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  1. #41
    Join Date
    Oct. 25, 2012
    Posts
    3,967

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    Quote Originally Posted by trubandloki View Post
    I do not think you have to be a horse person to have the common sense that trespassing and feeding other people's animals without permission is wrong.

    I do agree that educating is a great idea.
    You would be amazed. "Common Sense" is unfortunately becoming a very uncommon commodity. Not only do they let tiny children swarm up my stone walls, in spite of the slipping and falling of the 80-lb. rocks, not to mention the signs--I once looked out to find a man and his dog disporting themselves on my front lawn with MY dogs; and he'd gotten out of his car to do it! Standing right by the corner of the porch like he owned the place!

    For some reason "city" people (which is most of 'em!) seem to think the world is a Disney theme park for their kiddies and their dogs, and concepts like horses biting, let alone Private Property, don't even enter their consciousness. Ditto the ones who let their dogs bark at your horse out their car windows when you're riding on the roadside . . .


    3 members found this post helpful.

  2. #42
    Join Date
    Oct. 9, 2012
    Location
    Washington State
    Posts
    506

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    It seems that when it comes to animals, perfectly sensible people become soft brained jellyfish. For instance we were living once near a very large and wooded state park that developed a black bear problem. My neighbors who were both intelligent, sensible people thought that they were "so cute" that they were "leaving food out for the poor things". There isn't anything cute about a black bear out your kitchen window in the morning or 'begging' for treats in front of your car when you are trying to get home in the evening.

    I don't know about your state but I'm pretty sure that in mine if I have hotwire in an area accessible to the public I am supposed to have a warning sign. I agree with the others that your best bet would be to talk to the people and put up signs but don't expect the signs to be 'noticed'. If it really becomes a problem and if it is feasible, you may need to put in a fast growing hedge or a secondary interior fence to make the horses less enticing.


    1 members found this post helpful.

  3. #43
    Join Date
    Mar. 13, 2006
    Location
    On the Trails
    Posts
    3,739

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    My horses' pasture borders the road coming into our housing development and I once came up the road to see two women out there petting my mare. At least they weren't actually in the pasture, however, see one with a bag in her hand and I pull up to find out what's going on. She was trying to feed my horse seasoned croutons! Shoving them in her face like she's going to force her to eat them. I told them do not feed my horses strange food that might make them sick. She responded "oh it's okay, she didn't eat it." I said it's not okay, do not feed them at all. I think they thought I was a bitch, but I don't care, they're not the ones who would be stuck with a vet bill.
    Yogurt - If you're so cultured, how come I never see you at the opera? Steven Colbert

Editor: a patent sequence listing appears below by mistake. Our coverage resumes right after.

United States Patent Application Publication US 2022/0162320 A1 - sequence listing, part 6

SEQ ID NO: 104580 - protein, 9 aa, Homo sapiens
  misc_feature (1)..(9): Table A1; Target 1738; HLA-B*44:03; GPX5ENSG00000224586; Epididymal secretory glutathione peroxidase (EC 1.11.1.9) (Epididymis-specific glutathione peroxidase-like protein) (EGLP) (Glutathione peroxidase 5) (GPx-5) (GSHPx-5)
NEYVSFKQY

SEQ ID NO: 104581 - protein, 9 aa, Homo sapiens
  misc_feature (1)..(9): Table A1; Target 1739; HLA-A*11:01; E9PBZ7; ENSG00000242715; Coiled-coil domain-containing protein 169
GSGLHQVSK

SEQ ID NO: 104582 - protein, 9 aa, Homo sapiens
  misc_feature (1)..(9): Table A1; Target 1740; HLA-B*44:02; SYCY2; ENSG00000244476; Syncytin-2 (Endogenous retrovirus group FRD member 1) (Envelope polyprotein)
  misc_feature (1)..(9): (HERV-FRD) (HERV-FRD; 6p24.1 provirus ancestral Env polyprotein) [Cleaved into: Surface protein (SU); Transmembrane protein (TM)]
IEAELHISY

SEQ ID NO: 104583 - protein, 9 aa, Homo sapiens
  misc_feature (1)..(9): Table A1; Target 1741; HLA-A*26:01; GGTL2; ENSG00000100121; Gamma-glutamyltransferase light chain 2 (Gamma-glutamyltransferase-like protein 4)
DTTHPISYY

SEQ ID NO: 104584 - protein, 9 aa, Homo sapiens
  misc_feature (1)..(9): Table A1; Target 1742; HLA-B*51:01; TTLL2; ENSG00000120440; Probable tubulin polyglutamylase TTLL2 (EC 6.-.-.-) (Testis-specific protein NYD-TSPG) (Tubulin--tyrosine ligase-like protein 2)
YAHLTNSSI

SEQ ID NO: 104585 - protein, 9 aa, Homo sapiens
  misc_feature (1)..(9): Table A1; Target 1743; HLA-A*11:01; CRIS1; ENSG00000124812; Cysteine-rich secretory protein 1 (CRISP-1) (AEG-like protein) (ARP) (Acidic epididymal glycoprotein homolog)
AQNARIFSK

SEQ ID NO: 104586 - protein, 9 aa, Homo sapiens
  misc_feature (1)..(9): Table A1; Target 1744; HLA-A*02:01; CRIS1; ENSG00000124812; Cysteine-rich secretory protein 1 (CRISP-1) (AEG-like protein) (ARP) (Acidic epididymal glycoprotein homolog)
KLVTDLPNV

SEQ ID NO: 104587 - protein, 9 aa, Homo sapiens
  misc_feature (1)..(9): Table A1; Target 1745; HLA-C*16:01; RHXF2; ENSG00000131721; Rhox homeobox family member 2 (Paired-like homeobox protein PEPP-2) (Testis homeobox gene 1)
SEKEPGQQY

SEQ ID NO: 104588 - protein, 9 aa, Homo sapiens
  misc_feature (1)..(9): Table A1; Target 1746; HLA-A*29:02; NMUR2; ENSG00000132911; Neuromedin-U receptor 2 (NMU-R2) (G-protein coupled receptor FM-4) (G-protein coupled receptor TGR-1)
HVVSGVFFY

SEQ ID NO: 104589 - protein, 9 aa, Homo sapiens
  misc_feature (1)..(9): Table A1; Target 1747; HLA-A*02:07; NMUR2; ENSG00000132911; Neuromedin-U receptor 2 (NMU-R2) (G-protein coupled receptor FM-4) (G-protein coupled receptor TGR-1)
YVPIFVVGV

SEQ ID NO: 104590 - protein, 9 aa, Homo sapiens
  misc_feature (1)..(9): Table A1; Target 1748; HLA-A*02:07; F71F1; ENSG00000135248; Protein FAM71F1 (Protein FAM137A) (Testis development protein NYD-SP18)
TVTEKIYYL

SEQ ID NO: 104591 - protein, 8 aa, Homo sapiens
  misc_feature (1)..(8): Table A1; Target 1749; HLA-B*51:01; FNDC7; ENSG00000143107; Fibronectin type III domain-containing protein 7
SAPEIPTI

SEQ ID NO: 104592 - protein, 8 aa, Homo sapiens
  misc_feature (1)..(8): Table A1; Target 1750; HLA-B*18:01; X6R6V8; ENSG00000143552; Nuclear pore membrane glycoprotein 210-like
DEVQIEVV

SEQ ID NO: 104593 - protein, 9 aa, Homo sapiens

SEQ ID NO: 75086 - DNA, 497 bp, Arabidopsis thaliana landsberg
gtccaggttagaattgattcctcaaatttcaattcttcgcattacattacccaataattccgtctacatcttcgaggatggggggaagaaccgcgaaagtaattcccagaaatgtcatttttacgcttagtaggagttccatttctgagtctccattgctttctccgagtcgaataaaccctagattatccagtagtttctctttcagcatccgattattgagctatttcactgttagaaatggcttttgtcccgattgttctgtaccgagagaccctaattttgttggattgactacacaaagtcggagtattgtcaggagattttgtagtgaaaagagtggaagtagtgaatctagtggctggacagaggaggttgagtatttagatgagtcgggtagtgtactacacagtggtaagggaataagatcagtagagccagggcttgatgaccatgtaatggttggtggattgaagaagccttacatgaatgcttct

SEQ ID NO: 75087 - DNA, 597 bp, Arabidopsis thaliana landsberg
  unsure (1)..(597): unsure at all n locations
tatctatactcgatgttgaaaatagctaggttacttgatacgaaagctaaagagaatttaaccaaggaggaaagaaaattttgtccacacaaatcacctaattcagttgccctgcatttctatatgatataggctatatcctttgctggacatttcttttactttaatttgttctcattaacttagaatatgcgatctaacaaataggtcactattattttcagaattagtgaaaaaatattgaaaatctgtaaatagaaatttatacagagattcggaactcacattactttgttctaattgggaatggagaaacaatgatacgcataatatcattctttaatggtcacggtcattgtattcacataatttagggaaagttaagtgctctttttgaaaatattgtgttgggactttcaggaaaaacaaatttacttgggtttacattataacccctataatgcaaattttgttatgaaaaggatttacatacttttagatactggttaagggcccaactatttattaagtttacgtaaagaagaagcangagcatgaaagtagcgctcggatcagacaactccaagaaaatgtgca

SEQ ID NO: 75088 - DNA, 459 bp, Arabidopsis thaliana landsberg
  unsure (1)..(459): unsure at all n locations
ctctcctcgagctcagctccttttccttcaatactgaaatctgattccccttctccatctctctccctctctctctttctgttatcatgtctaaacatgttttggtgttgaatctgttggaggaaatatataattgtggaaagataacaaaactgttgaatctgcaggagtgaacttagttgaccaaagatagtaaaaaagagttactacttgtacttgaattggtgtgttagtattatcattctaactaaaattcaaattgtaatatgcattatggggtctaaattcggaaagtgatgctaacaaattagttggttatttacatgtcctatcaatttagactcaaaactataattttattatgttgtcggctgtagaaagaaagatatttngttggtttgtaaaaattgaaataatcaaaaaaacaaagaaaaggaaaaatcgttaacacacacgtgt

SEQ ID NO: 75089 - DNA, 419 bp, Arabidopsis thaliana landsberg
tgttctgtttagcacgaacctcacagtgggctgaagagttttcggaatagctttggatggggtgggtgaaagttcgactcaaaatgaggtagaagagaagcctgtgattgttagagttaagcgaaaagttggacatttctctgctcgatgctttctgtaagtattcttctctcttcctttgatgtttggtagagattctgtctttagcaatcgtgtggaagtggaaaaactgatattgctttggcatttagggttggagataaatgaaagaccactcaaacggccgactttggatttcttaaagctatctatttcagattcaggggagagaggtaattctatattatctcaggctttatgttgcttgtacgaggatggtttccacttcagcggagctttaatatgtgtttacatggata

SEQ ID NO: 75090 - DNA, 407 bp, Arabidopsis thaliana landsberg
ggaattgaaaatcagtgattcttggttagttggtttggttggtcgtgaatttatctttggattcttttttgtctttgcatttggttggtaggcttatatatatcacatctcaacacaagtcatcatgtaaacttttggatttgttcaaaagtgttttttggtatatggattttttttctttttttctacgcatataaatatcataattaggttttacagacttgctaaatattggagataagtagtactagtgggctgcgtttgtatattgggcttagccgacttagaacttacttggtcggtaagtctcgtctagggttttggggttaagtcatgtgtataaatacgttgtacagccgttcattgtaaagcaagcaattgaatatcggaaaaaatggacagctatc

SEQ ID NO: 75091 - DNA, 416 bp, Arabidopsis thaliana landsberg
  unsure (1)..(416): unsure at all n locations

1 members found this post helpful.

  4. #44
    Join Date
    Dec. 13, 2005
    Location
    New England
    Posts
    1,374

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    Man I hate it when people do that. I had a horse once who simply could not figure out how to eat apples. He would mouth it, and eventually drop it to the ground, Imagine my surprise when one day he snatched a piece my friend offered him, ate it like he'd been doing it all his life and looked for more.
    That made me suspicious. Sure enough, not three weeks later, while in the tack room one afternoon, I see a man and kid walk by the door to the back doors of the stalls carrying a bag. I had just put everyone in for the afternoon.
    When I got outside, he was pulling an apple out and was giving one to each horse.
    Long story short, my husband's clinic is on the site. This man had been coming in regularly for diabetic treatment/monitoring for his cat. He had taken to bringing apples and regularly feeding my horses...no permission, no asking or saying anything. Thank God, it was only apples, and that no one took his fingers off. I was polite with him, and he looked at me like I had three heads. And I have signs posted everyplace, signs of all kinds, but none of them made a difference. A real pain in the ass.


    1 members found this post helpful.

  5. #45
    Join Date
    Jul. 17, 2001
    Location
    Auckland, New Zealand
    Posts
    878

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    My horse grazes at a public park in the middle of suburbia. People are allowed to walk THROUGH the paddocks (with their dogs/children/whatever). There are signs at the external fences asking that they not feed horses. People scratched away the NOT so it read Please do feed the horses Generally I try to educate people. Most do get the idea when I ask them how they would like it if I walked into their house and gave their CHILDREN jaffas (chocolate lolly with red coloured candy shell). I also use the laminitis sort of like diabetes analogy and explain the need to control what food the horses are getting. It's not easy though.


    1 members found this post helpful.

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